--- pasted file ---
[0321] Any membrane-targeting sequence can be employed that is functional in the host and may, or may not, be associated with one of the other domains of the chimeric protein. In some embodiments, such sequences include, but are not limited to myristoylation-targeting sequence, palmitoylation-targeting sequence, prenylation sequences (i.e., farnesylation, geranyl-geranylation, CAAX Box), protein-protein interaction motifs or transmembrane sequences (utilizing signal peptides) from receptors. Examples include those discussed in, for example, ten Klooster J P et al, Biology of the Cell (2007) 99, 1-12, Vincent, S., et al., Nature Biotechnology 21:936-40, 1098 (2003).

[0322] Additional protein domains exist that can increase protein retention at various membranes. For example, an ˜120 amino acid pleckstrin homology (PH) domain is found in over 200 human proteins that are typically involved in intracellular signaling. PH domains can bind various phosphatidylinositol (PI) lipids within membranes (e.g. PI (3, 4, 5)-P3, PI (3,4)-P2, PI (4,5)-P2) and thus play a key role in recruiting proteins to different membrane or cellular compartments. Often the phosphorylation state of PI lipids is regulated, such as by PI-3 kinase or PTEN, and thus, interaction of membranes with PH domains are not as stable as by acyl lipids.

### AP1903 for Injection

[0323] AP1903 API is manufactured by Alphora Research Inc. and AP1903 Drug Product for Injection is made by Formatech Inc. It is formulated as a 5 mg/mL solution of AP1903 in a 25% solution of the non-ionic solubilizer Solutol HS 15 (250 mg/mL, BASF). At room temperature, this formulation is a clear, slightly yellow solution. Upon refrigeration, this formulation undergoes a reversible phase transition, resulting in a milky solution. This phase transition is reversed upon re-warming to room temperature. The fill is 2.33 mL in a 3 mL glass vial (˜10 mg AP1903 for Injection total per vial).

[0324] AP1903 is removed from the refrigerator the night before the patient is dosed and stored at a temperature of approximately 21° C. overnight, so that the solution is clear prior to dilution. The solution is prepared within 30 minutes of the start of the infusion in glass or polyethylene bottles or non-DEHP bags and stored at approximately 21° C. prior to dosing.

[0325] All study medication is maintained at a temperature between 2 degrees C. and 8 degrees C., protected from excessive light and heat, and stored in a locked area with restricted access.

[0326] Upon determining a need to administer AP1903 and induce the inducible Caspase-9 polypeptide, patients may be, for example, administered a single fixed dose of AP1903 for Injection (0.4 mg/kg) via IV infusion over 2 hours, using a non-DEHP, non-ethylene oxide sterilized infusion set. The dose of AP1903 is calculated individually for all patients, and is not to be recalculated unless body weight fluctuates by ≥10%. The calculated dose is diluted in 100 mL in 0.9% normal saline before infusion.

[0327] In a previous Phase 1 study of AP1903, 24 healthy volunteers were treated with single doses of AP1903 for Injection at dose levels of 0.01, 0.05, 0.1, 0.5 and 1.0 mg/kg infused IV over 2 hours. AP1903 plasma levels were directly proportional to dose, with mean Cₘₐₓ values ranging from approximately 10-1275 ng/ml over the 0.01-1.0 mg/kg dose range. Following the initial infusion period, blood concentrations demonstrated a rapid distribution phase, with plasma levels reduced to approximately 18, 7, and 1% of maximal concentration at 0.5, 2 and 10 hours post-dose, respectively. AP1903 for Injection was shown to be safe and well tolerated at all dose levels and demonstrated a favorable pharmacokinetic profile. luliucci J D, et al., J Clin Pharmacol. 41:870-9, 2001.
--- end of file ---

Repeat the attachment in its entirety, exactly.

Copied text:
[0321] Any membrane-targeting sequence can be employed that is functional in the host and may, or may not, be associated with one of the other domains of the chimeric protein. In some embodiments, such sequences include, but are not limited to myristoylation-targeting sequence, palmitoylation-targeting sequence, prenylation sequences (i.e., farnesylation, geranyl-geranylation, CAAX Box), protein-protein interaction motifs or transmembrane sequences (utilizing signal peptides) from receptors. Examples include those discussed in, for example, ten Klooster J P et al, Biology of the Cell (2007) 99, 1-12, Vincent, S., et al., Nature Biotechnology 21:936-40, 1098 (2003).

[0322] Additional protein domains exist that can increase protein retention at various membranes. For example, an ˜120 amino acid pleckstrin homology (PH) domain is found in over 200 human proteins that are typically involved in intracellular signaling. PH domains can bind various phosphatidylinositol (PI) lipids within membranes (e.g. PI (3, 4, 5)-P3, PI (3,4)-P2, PI (4,5)-P2) and thus play a key role in recruiting proteins to different membrane or cellular compartments. Often the phosphorylation state of PI lipids is regulated, such as by PI-3 kinase or PTEN, and thus, interaction of membranes with PH domains are not as stable as by acyl lipids.

### AP1903 for Injection

[0323] AP1903 API is manufactured by Alphora Research Inc. and AP1903 Drug Product for Injection is made by Formatech Inc. It is formulated as a 5 mg/mL solution of AP1903 in a 25% solution of the non-ionic solubilizer Solutol HS 15 (250 mg/mL, BASF). At room temperature, this formulation is a clear, slightly yellow solution. Upon refrigeration, this formulation undergoes a reversible phase transition, resulting in a milky solution. This phase transition is reversed upon re-warming to room temperature. The fill is 2.33 mL in a 3 mL glass vial (˜10 mg AP1903 for Injection total per vial).

[0324] AP1903 is removed from the refrigerator the night before the patient is dosed and stored at a temperature of approximately 21° C. overnight, so that the solution is clear prior to dilution. The solution is prepared within 30 minutes of the start of the infusion in glass or polyethylene bottles or non-DEHP bags and stored at approximately 21° C. prior to dosing.

[0325] All study medication is maintained at a temperature between 2 degrees C. and 8 degrees C., protected from excessive light and heat, and stored in a locked area with restricted access.

[0326] Upon determining a need to administer AP1903 and induce the inducible Caspase-9 polypeptide, patients may be, for example, administered a single fixed dose of AP1903 for Injection (0.4 mg/kg) via IV infusion over 2 hours, using a non-DEHP, non-ethylene oxide sterilized infusion set. The dose of AP1903 is calculated individually for all patients, and is not to be recalculated unless body weight fluctuates by ≥10%. The calculated dose is diluted in 100 mL in 0.9% normal saline before infusion.

[0327] In a previous Phase 1 study of AP1903, 24 healthy volunteers were treated with single doses of AP1903 for Injection at dose levels of 0.01, 0.05, 0.1, 0.5 and 1.0 mg/kg infused IV over 2 hours. AP1903 plasma levels were directly proportional to dose, with mean Cₘₐₓ values ranging from approximately 10-1275 ng/ml over the 0.01-1.0 mg/kg dose range. Following the initial infusion period, blood concentrations demonstrated a rapid distribution phase, with plasma levels reduced to approximately 18, 7, and 1% of maximal concentration at 0.5, 2 and 10 hours post-dose, respectively. AP1903 for Injection was shown to be safe and well tolerated at all dose levels and demonstrated a favorable pharmacokinetic profile. luliucci J D, et al., J Clin Pharmacol. 41:870-9, 2001.